A Matter of Fact is not a law firm and cannot provide legal advice. It is important that employers work with counsel to develop an employment screening program specific to their needs. Employers should obtain legal advice concerning their legal responsibilities, and to ensure that background check documents, policies and procedures are in compliance with applicable local, state and federal laws and regulations. For more see Legal Disclaimer.

What Other Criminal History Searches Are Available?

Additional criminal record searches available to help meet employer and job requirements include:

•County Criminal Records Check: checks county court records
•Federal Criminal Records Check: expands criminal records checks to federal offenses
•’Statewide’ Criminal Records Check and ‘Nationwide’ Criminal Database Check: are useful supplements to County Criminal Record Checks
•National Wants and Warrants: is an important supplement to County Criminal Record Checks
•Sex Offender Registry Check: is essential for health care, child/youth/elder care, teaching, residential management, hospitality, social services, and similar at-risk positions
•International Criminal History Records Searches: are also available

Aside from the obvious benefit of having access to all of the counter-societal repositories identified below, this listing exceeds all known statutory anti-terrorism, anti-money laundering and anti-fraud requirements. Those highlighted in yellow are those most requested, and those in Red are especially significant and provide a “one-stop shop” access into areas normally reserved for law enforcement and other levels of criminal investigators.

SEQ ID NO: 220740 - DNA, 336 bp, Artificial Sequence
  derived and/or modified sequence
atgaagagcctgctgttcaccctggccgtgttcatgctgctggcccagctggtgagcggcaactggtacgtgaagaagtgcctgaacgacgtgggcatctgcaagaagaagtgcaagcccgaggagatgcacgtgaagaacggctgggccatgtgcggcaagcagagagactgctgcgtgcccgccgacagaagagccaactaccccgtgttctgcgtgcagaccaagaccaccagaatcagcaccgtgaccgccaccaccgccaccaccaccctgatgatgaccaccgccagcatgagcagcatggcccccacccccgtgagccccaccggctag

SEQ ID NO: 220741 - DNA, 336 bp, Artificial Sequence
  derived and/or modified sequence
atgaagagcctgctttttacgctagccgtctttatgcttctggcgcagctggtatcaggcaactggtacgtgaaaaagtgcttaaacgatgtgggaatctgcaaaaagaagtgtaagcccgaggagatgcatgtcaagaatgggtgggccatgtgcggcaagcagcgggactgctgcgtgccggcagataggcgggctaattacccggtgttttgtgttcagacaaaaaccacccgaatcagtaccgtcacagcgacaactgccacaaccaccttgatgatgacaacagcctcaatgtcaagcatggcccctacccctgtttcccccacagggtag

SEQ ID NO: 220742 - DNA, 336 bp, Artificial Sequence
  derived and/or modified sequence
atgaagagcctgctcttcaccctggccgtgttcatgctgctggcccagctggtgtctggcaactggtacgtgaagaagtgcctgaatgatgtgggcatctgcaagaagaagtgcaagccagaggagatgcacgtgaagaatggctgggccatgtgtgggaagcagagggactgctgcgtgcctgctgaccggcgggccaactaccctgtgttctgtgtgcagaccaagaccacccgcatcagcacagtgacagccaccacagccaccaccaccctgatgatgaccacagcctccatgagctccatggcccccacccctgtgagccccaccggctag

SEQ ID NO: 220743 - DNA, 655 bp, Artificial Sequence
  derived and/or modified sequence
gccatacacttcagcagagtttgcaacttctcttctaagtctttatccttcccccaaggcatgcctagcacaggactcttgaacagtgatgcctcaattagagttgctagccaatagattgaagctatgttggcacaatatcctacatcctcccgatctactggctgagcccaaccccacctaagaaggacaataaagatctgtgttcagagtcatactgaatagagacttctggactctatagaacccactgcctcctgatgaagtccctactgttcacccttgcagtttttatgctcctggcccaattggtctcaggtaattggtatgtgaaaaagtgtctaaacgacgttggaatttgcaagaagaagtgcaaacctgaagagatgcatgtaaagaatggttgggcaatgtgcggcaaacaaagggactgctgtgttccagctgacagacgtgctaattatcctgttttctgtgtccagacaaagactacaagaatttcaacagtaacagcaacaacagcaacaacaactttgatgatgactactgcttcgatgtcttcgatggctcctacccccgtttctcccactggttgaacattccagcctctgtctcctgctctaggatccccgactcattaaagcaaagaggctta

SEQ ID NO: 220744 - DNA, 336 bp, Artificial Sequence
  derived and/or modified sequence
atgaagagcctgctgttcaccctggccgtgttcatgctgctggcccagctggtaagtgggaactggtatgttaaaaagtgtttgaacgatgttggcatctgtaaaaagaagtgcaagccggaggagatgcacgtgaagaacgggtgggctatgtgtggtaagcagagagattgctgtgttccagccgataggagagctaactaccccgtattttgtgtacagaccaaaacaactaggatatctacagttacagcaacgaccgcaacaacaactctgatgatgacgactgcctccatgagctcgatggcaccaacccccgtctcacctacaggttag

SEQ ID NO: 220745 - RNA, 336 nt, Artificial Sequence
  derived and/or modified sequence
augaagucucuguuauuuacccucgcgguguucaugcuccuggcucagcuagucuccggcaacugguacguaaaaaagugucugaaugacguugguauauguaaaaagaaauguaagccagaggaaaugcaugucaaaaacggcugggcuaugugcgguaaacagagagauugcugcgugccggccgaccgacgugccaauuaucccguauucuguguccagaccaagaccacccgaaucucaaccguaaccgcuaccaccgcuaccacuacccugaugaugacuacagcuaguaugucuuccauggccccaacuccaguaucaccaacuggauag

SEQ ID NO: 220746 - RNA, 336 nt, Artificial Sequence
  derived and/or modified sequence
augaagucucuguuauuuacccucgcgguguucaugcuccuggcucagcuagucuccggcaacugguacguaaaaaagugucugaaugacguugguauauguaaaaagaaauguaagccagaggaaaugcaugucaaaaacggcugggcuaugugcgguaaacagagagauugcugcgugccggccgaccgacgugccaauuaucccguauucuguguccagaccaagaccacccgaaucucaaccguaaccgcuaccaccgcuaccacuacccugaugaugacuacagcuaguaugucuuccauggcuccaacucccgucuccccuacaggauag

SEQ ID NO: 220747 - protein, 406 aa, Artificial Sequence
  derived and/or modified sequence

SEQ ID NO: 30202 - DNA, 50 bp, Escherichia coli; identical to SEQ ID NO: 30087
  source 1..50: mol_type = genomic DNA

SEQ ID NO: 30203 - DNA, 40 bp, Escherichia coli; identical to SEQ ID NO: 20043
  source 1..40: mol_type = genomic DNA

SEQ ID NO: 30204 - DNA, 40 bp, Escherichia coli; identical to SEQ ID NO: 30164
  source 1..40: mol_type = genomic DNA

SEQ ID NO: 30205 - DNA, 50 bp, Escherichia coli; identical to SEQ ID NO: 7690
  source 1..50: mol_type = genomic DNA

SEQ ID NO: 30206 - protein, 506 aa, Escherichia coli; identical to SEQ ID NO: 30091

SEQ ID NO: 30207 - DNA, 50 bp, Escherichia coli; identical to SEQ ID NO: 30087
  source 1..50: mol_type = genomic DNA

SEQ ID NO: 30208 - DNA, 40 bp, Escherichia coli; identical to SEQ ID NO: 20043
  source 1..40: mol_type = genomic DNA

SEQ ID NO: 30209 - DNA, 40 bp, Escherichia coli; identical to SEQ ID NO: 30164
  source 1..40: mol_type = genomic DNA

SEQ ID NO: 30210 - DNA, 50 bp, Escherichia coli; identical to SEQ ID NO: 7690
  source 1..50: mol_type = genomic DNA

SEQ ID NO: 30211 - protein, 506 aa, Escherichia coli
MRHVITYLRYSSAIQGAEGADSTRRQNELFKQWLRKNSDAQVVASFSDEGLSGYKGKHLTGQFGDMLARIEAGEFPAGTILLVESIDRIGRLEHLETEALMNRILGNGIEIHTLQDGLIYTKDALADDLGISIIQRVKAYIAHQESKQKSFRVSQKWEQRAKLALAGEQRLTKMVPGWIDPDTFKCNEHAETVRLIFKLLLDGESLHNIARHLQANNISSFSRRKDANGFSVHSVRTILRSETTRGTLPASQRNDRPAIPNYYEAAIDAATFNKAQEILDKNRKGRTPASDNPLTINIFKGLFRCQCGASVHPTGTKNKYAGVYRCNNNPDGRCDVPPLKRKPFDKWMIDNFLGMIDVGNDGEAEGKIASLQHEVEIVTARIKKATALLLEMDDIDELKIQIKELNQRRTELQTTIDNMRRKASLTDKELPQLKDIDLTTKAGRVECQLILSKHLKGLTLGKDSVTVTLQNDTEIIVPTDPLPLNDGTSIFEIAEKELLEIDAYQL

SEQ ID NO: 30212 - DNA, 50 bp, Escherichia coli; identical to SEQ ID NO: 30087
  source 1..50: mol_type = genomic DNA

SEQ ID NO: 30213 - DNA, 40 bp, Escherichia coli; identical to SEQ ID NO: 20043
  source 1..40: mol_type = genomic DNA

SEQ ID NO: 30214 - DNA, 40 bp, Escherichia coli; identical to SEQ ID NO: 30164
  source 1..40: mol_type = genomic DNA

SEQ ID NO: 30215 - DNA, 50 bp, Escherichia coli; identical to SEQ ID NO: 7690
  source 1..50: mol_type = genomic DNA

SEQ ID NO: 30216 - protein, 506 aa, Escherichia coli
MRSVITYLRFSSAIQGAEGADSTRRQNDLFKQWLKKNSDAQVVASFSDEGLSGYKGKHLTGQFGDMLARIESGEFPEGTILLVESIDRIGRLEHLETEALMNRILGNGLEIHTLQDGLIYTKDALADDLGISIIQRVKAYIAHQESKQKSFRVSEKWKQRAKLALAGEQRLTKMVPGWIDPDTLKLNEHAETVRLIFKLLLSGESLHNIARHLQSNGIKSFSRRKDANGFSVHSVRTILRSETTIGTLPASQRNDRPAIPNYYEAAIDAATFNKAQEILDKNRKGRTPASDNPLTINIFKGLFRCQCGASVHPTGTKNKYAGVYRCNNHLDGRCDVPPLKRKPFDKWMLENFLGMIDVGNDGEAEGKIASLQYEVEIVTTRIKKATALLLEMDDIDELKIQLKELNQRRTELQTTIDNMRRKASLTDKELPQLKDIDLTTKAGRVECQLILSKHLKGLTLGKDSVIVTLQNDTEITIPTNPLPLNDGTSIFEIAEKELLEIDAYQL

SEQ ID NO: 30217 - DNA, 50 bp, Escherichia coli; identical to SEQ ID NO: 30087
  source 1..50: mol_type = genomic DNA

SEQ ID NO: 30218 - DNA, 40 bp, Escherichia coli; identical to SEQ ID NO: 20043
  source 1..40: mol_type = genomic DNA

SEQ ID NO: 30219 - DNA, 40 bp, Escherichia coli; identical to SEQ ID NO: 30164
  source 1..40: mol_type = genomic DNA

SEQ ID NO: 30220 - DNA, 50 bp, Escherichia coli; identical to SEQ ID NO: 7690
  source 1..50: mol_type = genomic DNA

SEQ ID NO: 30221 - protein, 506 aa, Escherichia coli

Alabama Medicaid – Suspended Providers,
America’s Most Wanted Fugitive List,
Australia Sex Offender Registry,
Australian Dept of Foreign Affairs and Trade – Sanctions List,
Australian Reserve Bank Sanctions List,
Bank of England Sanctions List,
California Medi-Cal – Suspended and Ineligible Providers,
Connecticut Dept of Social Services – Admin Actions List,
DEA Diversion Control Program – Admin Actions against Doctors,
DEA Diversion Control Program – Cases against Doctors,
Delaware Adult Abuse Registry,
Directorate of Defense Trade Controls – Debarred Parties List,
European Union Terrorism Sanctions List,
FDA Office of Regulatory Affairs – Debarment List,
FDA Office of Regulatory Affairs – Warning Letters,
Federal Deposit Insurance Corporation (FDIC) – Failed Bank List,
Federal Deposit Insurance Corporation (FDIC) – Enforcement Decisions and Orders,
Federal Reserve Board – Enforcement Actions, FinCEN – Enforcement Actions,
FINRA – Disciplinary Actions,
Florida Medicaid – Sanctioned Providers, Fugitive List,
Health Resources and Services Administration – Health Education Assistance Loan – Defaulted Borrowers,
Her Majesty’s Treasury – Consolidated List of Financial Sanctions,